Ultimately, the Monthly Housing Allowance serves as a critical lifeline for our veterans and their dependents, ensuring that they receive the support they deserve as they embark on their educational journeys and thrive in their post-military lives.

Examples of Monthly Housing Allowance (MHA)

The Monthly Housing Allowance (MHA) is provided to eligible veterans and service members under the Post-9/11 GI Bill, which helps cover the cost of housing while they are enrolled in school or a training program. Here are three real-world examples of MHA in action:

A veteran who served for over three years on active duty and is now attending college full-time. This veteran resides in Chicago, Illinois, where the MHA rate is approximately $1,818 per month. The veteran is enrolled in a four-year degree program at a public university, and the Post-9/11 GI Bill covers the cost of tuition and fees, as well as providing the MHA to help with housing expenses.

A service member who was recently discharged and is using the Post-9/11 GI Bill to pursue a vocational training program in Austin, Texas. The training program is six months long, and the service member is attending full-time. The MHA rate for Austin is approximately $1,542 per month, providing financial support to help cover the service member’s housing costs while they complete their training.

A military spouse who has transferred their Post-9/11 GI Bill benefits from their service member partner. The spouse is enrolled in a master’s degree program in Los Angeles, California, and attends classes online while also working full-time. Since the program is online-only, the MHA rate is set at half the national average, which is approximately $935 per month. The spouse receives the MHA to help cover housing costs while pursuing their higher education.

Monthly Housing Allowance (MHA) FAQ

1. What is the Monthly Housing Allowance (MHA) for veterans?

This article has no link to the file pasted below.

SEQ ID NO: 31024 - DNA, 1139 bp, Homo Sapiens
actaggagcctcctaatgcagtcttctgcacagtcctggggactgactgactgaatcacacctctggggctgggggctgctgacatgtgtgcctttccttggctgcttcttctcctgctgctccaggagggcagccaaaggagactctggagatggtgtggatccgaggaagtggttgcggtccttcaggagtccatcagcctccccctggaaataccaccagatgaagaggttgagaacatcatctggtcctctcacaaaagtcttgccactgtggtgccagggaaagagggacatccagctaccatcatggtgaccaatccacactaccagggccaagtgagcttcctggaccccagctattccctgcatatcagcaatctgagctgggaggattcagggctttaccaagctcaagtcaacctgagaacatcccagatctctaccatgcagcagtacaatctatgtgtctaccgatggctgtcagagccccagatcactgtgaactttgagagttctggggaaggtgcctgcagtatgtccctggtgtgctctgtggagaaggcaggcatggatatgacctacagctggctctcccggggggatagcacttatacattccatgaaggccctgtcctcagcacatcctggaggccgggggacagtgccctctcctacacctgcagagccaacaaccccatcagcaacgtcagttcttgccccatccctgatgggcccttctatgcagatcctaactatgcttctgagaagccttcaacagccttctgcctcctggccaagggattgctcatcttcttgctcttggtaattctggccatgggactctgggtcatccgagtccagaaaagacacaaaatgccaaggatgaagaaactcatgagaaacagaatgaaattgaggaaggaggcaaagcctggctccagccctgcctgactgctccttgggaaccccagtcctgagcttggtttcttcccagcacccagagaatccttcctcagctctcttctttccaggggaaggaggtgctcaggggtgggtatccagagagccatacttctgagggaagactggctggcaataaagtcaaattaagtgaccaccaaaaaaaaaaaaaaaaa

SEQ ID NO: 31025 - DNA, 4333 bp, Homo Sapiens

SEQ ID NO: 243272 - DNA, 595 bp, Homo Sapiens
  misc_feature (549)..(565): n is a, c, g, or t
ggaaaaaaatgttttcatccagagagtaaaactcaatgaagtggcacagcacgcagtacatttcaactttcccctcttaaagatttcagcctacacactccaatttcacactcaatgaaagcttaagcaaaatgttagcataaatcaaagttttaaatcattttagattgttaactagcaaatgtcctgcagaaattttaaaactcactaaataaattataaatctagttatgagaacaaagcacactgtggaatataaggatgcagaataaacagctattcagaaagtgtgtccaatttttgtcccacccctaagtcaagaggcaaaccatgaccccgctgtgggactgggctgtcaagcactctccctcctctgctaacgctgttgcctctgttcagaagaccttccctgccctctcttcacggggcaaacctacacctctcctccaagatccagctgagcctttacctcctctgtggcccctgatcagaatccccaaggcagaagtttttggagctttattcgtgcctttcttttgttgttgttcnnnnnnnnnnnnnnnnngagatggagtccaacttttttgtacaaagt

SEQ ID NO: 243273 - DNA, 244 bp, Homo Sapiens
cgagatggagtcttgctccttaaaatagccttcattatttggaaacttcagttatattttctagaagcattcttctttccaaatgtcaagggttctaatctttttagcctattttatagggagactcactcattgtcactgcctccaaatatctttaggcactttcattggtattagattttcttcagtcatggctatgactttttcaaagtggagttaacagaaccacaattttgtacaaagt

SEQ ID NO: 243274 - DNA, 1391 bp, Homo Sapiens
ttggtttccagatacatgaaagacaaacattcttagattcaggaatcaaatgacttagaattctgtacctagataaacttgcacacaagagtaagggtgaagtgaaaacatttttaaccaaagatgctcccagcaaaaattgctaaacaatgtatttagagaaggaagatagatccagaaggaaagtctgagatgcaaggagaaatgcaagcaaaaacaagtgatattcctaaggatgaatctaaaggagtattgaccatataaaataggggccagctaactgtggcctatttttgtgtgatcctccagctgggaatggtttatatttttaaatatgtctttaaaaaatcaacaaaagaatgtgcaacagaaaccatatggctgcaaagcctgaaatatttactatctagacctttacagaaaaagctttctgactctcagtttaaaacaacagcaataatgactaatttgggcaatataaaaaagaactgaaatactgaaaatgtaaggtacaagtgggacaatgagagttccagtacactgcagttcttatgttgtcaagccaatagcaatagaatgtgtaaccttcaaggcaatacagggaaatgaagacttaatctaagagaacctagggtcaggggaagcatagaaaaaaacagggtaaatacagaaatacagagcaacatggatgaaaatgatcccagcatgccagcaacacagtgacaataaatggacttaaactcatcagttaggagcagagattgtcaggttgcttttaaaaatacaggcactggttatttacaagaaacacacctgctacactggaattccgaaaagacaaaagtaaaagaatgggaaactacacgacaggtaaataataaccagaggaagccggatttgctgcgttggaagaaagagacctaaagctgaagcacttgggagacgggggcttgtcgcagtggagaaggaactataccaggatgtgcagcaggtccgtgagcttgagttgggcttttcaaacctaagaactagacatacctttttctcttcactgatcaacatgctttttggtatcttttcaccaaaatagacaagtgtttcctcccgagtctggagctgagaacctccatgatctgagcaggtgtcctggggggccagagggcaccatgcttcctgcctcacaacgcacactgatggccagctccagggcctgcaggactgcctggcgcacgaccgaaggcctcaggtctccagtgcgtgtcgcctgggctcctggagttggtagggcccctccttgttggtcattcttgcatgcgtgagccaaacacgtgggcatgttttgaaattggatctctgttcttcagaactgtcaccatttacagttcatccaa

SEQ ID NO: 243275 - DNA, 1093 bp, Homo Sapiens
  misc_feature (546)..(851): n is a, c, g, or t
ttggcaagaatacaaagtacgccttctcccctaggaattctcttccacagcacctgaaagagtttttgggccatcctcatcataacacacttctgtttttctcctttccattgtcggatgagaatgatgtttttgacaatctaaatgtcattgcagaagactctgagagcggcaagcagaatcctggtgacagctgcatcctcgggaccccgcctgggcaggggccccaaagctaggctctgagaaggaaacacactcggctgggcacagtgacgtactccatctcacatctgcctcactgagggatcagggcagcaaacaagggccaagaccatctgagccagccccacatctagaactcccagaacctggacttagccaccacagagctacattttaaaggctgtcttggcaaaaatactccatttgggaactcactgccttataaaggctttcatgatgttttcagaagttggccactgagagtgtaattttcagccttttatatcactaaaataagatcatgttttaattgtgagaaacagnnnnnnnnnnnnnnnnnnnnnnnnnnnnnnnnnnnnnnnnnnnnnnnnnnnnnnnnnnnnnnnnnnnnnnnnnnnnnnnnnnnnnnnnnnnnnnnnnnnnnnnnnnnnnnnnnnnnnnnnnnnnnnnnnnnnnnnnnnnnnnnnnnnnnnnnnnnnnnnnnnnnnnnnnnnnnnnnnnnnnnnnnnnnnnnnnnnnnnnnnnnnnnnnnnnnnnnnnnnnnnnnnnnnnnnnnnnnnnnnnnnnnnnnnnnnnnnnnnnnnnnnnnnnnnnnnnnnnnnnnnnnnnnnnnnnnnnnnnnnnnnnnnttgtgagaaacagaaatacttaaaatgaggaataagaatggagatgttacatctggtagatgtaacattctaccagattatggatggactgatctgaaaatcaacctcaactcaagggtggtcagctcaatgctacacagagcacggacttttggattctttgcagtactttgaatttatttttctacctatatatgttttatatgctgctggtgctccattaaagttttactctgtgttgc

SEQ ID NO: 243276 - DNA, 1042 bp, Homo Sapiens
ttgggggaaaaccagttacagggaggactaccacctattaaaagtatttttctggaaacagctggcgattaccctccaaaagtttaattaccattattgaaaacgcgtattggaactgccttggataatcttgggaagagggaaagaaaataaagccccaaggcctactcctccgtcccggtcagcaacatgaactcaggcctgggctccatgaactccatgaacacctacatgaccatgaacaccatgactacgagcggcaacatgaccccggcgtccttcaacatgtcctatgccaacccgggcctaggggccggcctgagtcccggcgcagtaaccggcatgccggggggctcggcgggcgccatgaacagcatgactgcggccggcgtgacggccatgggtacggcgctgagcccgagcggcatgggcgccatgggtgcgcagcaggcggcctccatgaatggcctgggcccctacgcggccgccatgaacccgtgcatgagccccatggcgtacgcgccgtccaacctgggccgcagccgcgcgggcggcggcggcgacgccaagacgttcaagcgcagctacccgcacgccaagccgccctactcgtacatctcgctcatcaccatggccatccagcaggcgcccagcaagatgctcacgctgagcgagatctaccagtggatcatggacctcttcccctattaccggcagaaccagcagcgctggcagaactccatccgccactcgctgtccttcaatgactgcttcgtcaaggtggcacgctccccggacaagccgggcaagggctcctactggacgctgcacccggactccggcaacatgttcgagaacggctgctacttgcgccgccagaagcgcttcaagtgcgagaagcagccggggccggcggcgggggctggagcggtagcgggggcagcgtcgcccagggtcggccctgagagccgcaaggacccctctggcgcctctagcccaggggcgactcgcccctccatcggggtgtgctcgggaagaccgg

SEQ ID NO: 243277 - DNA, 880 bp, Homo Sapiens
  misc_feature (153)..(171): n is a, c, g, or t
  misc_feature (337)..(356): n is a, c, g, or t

The Monthly Housing Allowance (MHA) is a monthly benefit paid to eligible veterans who are utilizing their Post-9/11 GI Bill for education and training. The purpose is to cover a portion of their housing expenses when enrolled in a school or training facility.

2. How is the MHA rate determined?

The MHA rate is based on the Department of Defense’s Basic Allowance for Housing (BAH) rates for an E-5 with dependents. The BAH rates are adjusted based on the housing costs in a particular zip code where the school or training facility is located.

3. Can I receive MHA if I am enrolled in an online course?

Yes, you can receive MHA if you are enrolled in an online course, but the amount is typically lower than for in-person classes. The MHA rate for students attending classes solely online is 50% of the national average BAH for an E-5 with dependents.

4. How do I apply for the MHA benefit?

To apply for the MHA benefit, you must first apply for the Post-9/11 GI Bill. Once your eligibility is confirmed, the MHA benefits will be included in your monthly GI Bill payments if you meet the eligibility criteria for receiving MHA.

5. Am I eligible for MHA if I am not a full-time student?

Yes, you may still be eligible for MHA even if you are not a full-time student. However, your MHA payment will be prorated based on your rate of pursuit rounded to the nearest half, or full-time status if you are attending classes at least half-time.

Related VA Benefit Terms

  • Post-9/11 GI Bill
  • Basic Allowance for Housing (BAH)
  • Veterans Affairs (VA) Education Benefits
  • E-5 with Dependents Rate
  • Online and Resident Training

Sources for More Information